Life entails many choices. Chocolate over vanilla ice cream, thick-dough pizza instead of thin-crust and certainly football over baseball are but some of the most important decisions. Later in your years, you might select oceanfront over lakeside camp (if lucky, both), heated cloth instead of sticky leather or just any dessert versus none. Furthermore, I prefer open windows instead of A/C, and this week’s Gladiator over the Wrangler upon which it is based.
The Jeep Gladiator fills a new niche in my mind — MV2. It is better than the Wrangler because it retains the five-passenger cabin, while adding a 5-foot bed out back. It can do virtually anything off-road that the Wrangler can do, with both Rubicon and new Mojave trim (desert-rated, not just trail-rated), plus it has a higher tow rating as well as an optional catalog of accessories for camping, off-roading and exploring that would embarrass even Cabela’s.
The Gladiator, sporting over an extra foot in wheelbase length, also rides better than the Wrangler. This elongated wheelbase means that break-over angles off-road are not as good, but seeing as how even Jeep owners use their vehicles predominantly on-road, the longer wheelbase increases highway path accuracy (less tending of the steering wheel) while soaking up rural road imperfections with greater ease.
The pickup bed, easily accessed with a light tailgate and a working height that fits real lifestyles, worked great with the roll-up tonneau cover and multiple tie-down anchors as numerous propane tanks got the refill treatment. The bike rack slipped into the receiver hitch like butter on a hot ear of corn, making the Gladiator a great recreational tool too.
So, from this corner of rural Maine, where the roads are bumpy, dusty, and virtually imperceptible from desert trails, the Gladiator is more versatile and more valuable — hence, MV2.
This isn’t to say that the Wrangler still isn’t the top-seller in this segment, by a long shot, yet the Gladiator has a growing list of fans that want the best Swiss army knife of vehicles they can get — like the navigator sharing my toothbrush rack. Every day during the Gladiator’s visit, there was a plan on using one of the truck’s virtues. At one point she wanted to see if the local Grindle boys could get it fitted for a snowplow — an obvious take-off of an idea gleaned from fellow Mainer Ezra Dyer and similar exploits with a Mercedes Galendewagon and a plow, which he didn’t own, and got stuck on an airport runway that wasn’t open to the public, and well, it’s a long story.
Mojave trim, borrowed from the famous California desert region, gives Jeep lovers one more model to lust for. Essentially a Rubicon, but with even bigger tires, special black-out paint with reddish orange accents, yet the same powertrain, the Gladiator looks sharp, purposeful. As with our recent orange Gladiator Rubicon, the Mojave received a lot of second glance rubbernecking.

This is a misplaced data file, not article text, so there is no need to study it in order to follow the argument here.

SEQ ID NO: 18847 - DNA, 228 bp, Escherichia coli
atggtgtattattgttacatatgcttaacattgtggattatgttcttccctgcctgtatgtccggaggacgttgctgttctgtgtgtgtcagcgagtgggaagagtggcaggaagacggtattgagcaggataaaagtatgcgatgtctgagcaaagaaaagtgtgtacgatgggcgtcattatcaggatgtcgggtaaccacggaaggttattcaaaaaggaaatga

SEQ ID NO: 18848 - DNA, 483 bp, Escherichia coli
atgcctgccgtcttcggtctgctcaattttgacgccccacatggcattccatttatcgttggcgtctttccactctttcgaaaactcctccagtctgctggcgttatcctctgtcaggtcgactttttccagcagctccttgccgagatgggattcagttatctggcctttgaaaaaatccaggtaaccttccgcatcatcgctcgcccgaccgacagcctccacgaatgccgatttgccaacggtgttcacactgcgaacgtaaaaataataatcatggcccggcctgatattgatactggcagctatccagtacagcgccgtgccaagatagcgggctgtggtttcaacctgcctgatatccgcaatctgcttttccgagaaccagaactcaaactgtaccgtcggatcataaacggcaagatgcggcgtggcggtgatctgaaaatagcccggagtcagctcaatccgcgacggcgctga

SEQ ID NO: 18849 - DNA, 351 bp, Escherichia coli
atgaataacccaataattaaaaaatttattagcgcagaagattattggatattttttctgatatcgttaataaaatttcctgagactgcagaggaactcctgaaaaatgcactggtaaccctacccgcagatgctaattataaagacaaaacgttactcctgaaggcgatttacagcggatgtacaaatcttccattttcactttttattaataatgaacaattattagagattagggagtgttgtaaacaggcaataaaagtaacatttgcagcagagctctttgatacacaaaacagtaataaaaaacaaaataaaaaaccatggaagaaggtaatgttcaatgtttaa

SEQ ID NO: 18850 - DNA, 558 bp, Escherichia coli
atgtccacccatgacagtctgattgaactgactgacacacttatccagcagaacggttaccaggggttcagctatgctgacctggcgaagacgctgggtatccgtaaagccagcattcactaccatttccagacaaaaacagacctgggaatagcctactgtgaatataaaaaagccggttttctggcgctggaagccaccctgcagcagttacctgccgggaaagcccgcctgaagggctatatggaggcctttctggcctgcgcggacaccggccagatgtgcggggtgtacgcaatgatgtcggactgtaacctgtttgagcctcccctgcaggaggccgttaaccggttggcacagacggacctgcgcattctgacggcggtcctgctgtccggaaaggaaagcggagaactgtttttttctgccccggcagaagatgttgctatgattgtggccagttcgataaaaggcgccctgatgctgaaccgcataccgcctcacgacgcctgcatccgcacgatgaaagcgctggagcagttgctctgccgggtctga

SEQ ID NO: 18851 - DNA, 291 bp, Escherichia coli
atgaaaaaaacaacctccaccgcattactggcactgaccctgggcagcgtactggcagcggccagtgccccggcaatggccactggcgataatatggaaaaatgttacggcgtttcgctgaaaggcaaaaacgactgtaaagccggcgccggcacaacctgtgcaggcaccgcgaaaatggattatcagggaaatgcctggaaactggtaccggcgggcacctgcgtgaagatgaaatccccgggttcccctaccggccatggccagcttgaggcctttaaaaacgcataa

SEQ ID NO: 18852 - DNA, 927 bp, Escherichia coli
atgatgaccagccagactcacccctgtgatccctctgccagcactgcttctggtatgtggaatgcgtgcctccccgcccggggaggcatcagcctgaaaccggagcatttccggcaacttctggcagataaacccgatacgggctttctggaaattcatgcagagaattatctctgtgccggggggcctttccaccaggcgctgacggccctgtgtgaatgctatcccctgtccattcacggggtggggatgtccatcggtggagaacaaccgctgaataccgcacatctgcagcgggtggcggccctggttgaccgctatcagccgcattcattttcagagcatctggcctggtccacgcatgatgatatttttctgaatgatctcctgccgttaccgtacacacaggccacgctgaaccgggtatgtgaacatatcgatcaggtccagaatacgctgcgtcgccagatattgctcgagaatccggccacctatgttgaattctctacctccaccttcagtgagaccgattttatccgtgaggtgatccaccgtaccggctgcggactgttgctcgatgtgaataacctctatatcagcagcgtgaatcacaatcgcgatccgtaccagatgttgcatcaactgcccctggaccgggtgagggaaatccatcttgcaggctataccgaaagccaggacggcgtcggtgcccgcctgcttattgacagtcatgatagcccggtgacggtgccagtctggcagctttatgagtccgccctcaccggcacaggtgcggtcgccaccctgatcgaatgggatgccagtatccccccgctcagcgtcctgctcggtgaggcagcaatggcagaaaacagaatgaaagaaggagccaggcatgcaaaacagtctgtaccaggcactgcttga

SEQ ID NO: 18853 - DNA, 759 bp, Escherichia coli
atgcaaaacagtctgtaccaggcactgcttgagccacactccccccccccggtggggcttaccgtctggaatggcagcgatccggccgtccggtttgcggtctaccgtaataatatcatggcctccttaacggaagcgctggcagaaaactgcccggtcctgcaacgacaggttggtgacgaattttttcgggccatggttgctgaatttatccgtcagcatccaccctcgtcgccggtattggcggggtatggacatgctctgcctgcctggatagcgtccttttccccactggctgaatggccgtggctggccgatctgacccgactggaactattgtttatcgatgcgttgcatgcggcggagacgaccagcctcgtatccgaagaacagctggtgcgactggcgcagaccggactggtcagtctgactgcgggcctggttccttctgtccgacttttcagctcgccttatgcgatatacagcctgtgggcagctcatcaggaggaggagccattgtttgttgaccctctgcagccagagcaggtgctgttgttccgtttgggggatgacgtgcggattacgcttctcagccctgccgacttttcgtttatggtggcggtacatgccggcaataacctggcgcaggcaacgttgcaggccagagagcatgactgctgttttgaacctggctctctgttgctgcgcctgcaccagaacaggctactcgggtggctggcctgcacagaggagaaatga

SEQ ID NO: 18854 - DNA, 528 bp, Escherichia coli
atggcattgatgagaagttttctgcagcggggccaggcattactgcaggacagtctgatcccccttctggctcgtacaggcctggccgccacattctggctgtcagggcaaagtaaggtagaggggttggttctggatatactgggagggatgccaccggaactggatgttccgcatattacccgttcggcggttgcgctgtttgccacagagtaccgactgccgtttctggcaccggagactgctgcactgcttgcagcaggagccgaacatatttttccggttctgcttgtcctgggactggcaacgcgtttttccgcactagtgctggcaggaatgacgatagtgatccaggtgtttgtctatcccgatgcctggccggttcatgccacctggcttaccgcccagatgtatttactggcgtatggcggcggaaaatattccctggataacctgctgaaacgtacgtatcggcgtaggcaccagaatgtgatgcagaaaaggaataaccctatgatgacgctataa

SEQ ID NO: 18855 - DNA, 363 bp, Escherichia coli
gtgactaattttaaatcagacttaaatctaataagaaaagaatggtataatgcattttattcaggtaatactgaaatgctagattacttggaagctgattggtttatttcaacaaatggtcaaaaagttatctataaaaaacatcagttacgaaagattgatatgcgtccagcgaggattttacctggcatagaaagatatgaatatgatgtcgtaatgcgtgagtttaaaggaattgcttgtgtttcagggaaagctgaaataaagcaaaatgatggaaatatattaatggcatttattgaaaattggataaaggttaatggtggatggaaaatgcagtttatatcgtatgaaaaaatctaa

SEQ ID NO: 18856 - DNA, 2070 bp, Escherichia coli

Power delivery is more than ample, with the 3.6-liter V-6’s 285-hp working in concert with the eight-speed automatic to deliver crisp responses and a strong mid-range punch. The feds predict up to 22 mpg, which is conceivable in Iowa. We saw a consistent 19 mpg — the predicted average rating.
Gladiators start at just under $34,000. Mojave trim moves the needle to almost $44,000 and includes the good off-roading stuff: heavy-duty Dana 44 front and rear axles, Fox performance shocks (twins in the rear), Tru-Lok rear axle with 4.10 gears, 17-inch Gloss-black wheels adorned with heavy-lug Falken tires, skid plates all around, off-road mode, tow package, plus rear camera.
Then you start ladling on the options, because you have to customize your Jeep — everyone does. Cold weather package, heated seats and steering wheel, Premium LED light group, 8.4-inch U-Connect screen with navigation, Alpine Audio, auto-dimming mirror, Active Safety Group, body-colored three-piece removable roof panels, body-color fenders, spray-in bedliner, forward facing camera, red tow hooks front and rear, and on and on it goes until the sticker says $61,000 and the other side of the toothbrush rack says stop, so I can still get the plow.
I wish the Sirius reception was better — someone needs to figure out a better antenna — and it would be good to sample this layout with the new turbo-diesel to see if the fuel economy could get to the mid-20s range, but everything else here creates a pleasing experience. That diesel could even make the Gladiator an MV3.
Jeep sold over 268,000 Wranglers and Gladiators last year. While not everyone is a true Jeep-er, for those folks who understand Jeep, admire Jeeps, lust for Jeeps, the Gladiator is the decision that you shouldn’t regret.